On 19 December 2011, the United Nations General Assembly officially designated 21 March as World Down Syndrome Day (A/RES/66/149), inviting “all Member States, relevant organizations of the United Nations system and other international organizations, as well as civil society, including non-governmental organizations and the private sector, to observe World Down Syndrome Day in an appropriate manner, in order to raise public awareness of Down syndrome”.

Down syndrome is a naturally occurring chromosomal arrangement that has always been a part of the human condition, exists in all regions across the globe and commonly results in variable effects on learning styles, physical characteristics or health.

Catia Malaquias Wins 2018 Human Rights Award

The winners of the 2018 Human Rights Awards were announced yesterday at an event held at Sydney’s Westin Hotel, attended by almost 600 people and hosted by Australian Human Rights Commission President, Emeritus Professor Rosalind Croucher and the Disability Discrimination Commissioner Alastair McEwin, Aboriginal and Torres Strait Islander Social Justice Commissioner June Oscar, Children’s Commissioner Megan Mitchell, Sex Discrimination Commissioner Kate Jenkins, Human Rights Commissioner Edward Santow, Age Discrimination Commissioner Kay Patterson and Race Discrimination Commissioner Chin Tan.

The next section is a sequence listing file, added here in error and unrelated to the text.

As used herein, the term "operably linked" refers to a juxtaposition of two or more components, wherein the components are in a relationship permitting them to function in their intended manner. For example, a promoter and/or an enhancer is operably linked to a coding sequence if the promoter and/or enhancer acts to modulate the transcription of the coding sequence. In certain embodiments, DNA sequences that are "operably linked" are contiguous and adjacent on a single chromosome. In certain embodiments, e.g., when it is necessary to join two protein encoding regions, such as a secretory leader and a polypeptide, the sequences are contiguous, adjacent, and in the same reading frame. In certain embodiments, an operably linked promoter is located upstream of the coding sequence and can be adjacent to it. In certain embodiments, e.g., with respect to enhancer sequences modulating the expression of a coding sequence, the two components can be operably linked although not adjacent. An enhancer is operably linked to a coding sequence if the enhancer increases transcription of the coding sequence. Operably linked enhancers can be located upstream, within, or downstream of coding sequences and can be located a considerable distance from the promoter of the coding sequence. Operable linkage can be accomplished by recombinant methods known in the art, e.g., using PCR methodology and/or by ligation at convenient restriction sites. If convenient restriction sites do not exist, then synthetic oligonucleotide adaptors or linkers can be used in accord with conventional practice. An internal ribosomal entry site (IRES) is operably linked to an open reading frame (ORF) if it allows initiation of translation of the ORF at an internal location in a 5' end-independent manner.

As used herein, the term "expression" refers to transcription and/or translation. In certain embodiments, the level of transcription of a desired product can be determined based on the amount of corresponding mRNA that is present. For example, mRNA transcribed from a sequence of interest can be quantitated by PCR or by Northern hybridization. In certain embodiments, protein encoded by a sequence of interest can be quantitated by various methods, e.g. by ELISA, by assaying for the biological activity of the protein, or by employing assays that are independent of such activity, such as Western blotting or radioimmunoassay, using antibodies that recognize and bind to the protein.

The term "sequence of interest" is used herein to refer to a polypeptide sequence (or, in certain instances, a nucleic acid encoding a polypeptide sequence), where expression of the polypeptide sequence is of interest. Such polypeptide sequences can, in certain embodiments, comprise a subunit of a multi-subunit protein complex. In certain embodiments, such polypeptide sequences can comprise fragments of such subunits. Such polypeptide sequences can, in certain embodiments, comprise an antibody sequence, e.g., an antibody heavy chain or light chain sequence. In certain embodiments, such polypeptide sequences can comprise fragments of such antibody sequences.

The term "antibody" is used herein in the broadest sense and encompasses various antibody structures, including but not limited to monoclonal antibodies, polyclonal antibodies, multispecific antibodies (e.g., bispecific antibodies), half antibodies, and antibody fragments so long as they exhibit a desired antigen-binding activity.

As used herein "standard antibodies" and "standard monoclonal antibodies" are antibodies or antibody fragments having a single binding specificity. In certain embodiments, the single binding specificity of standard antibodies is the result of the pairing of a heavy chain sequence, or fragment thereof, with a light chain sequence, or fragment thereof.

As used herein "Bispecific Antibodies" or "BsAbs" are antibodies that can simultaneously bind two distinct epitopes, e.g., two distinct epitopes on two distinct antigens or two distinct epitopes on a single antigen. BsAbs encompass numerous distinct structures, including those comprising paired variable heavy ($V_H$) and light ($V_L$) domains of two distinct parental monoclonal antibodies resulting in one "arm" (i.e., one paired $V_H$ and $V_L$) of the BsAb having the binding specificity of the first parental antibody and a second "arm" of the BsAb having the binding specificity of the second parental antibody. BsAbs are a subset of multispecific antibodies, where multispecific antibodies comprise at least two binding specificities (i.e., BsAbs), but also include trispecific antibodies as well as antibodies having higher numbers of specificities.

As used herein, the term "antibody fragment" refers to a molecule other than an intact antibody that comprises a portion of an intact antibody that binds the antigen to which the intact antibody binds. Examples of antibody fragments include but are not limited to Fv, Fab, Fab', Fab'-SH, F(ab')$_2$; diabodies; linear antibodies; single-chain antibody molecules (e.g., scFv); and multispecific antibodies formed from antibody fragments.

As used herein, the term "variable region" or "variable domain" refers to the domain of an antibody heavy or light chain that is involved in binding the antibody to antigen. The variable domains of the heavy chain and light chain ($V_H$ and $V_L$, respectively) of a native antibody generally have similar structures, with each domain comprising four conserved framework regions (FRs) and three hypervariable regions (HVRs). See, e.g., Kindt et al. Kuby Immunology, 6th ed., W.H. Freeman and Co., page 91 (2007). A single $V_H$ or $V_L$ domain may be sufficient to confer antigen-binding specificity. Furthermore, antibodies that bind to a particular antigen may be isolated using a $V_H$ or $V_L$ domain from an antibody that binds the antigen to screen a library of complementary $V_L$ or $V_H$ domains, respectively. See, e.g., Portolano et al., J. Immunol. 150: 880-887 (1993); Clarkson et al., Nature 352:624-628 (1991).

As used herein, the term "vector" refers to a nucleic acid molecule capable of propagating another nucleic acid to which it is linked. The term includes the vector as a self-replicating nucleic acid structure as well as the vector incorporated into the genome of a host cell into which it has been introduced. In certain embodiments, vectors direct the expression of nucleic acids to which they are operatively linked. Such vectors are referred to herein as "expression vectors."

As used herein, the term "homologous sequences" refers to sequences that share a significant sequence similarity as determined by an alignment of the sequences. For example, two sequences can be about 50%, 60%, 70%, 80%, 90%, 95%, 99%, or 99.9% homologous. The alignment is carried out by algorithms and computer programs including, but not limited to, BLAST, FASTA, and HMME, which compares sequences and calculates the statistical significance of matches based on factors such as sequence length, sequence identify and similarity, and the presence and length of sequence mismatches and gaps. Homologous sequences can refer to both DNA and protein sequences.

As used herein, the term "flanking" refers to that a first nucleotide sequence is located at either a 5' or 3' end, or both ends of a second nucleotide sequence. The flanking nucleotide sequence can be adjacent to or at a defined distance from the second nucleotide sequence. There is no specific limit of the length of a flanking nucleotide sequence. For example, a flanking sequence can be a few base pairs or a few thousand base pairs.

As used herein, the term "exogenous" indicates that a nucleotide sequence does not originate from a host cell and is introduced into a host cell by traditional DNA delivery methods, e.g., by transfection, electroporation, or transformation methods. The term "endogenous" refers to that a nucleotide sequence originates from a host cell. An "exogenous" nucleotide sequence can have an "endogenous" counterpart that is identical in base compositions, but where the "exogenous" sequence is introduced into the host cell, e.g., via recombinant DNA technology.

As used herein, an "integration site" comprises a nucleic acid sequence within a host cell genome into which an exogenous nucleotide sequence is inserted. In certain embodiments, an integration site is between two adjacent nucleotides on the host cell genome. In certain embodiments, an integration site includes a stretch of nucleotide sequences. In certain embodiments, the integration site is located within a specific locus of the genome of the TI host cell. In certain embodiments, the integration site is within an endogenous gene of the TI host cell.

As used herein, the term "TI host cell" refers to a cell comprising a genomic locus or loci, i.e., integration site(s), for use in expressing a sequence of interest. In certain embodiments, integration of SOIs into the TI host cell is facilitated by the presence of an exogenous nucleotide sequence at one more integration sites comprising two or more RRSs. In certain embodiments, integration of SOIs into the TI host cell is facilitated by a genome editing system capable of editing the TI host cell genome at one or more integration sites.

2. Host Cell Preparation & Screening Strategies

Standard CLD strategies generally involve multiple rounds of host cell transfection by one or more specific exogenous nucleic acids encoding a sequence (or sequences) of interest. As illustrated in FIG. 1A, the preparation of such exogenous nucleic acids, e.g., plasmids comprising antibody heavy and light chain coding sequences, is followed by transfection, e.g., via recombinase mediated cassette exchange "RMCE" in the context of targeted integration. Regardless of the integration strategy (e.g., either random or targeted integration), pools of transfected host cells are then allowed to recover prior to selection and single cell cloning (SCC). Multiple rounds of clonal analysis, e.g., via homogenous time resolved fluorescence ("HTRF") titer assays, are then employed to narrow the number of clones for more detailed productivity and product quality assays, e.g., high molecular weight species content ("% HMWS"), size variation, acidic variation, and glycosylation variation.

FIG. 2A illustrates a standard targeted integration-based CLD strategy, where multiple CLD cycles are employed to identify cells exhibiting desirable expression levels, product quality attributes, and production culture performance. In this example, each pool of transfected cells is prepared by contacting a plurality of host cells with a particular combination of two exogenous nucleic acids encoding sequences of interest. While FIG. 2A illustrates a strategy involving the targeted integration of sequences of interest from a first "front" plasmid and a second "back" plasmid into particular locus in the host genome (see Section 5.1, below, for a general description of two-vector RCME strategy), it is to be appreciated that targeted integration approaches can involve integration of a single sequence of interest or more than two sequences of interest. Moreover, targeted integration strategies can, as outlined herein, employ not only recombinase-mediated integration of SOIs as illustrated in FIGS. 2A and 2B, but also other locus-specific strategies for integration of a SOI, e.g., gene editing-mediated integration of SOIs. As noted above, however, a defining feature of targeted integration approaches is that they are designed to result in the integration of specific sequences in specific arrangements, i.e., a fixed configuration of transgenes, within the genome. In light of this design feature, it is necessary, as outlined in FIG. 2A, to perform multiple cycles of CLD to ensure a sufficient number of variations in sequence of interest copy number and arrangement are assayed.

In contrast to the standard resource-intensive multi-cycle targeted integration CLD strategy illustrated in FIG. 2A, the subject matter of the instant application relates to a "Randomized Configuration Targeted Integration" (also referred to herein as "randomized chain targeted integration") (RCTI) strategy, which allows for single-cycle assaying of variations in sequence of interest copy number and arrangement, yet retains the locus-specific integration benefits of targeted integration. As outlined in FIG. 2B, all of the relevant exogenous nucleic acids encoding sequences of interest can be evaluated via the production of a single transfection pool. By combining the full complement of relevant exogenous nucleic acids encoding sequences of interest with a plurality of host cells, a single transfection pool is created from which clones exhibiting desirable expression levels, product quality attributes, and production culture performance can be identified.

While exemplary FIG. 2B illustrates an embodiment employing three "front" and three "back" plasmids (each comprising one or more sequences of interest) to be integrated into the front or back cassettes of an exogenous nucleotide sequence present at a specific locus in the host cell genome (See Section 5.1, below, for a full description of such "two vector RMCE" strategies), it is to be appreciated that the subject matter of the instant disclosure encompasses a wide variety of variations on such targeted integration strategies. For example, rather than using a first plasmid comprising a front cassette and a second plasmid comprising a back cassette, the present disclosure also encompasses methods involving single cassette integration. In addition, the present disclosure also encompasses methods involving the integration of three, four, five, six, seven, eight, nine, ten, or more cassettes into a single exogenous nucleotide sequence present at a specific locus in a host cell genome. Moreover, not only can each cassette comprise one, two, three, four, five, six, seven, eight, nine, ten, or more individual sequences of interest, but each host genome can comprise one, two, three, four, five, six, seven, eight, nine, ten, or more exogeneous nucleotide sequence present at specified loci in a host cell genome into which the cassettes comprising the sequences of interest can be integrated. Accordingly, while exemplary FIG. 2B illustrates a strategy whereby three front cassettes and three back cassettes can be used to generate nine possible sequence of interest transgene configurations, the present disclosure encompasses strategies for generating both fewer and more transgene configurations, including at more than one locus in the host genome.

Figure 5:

Catia Malaquias won the Tony Fitzgerald Memorial Community Individual Award for her work in relation to equality, human rights and inclusion of Australians with disabilities and in particular the human right to inclusive education.  Catia is the founder of Starting With Julius and co-founder of All Means All – The Australian Alliance for Inclusive Education and the School Inclusion Parent Network (SIPN).  She also co-founded the Global Alliance for Disability in Media and Entertainment and sits on the boards of the Attitude Foundation and Down Syndrome Australia.

Disability Discrimination Commissioner Alastair McEwin (left) with Catia Malaquias (right)

You can watch Catia’s acceptance speech (video courtesy of Australian Human Rights Commission) here:


Here is the text:

Thank you, I am so honoured to receive this award and I’d like to acknowledge all the outstanding finalists, and thank the Australian Human Rights Commission for this recognition.

I would also like also to thank and acknowledge all the people who support me to do this work – family and friends, but in particular my husband Sam and my 3 children, Laura, Julius and Drea.  They’re not here today but they know too well the juggle that is advocacy, a separate day job and meeting the needs of a young family. 

Last but not least, I thank the disability community for the immense privilege of allowing me to stand with you for disability rights – your guidance, knowledge and generosity in sharing your perspectives have been critical to me both as a parent and as an advocate.

I’d like to shout out to all the inclusionistas– disabled people and families speaking up for the right of every child, including children with disabilities, to an inclusive education. A right that is recognised under international human rights law applicable to Australia; but which remains widely contested and frequently violated.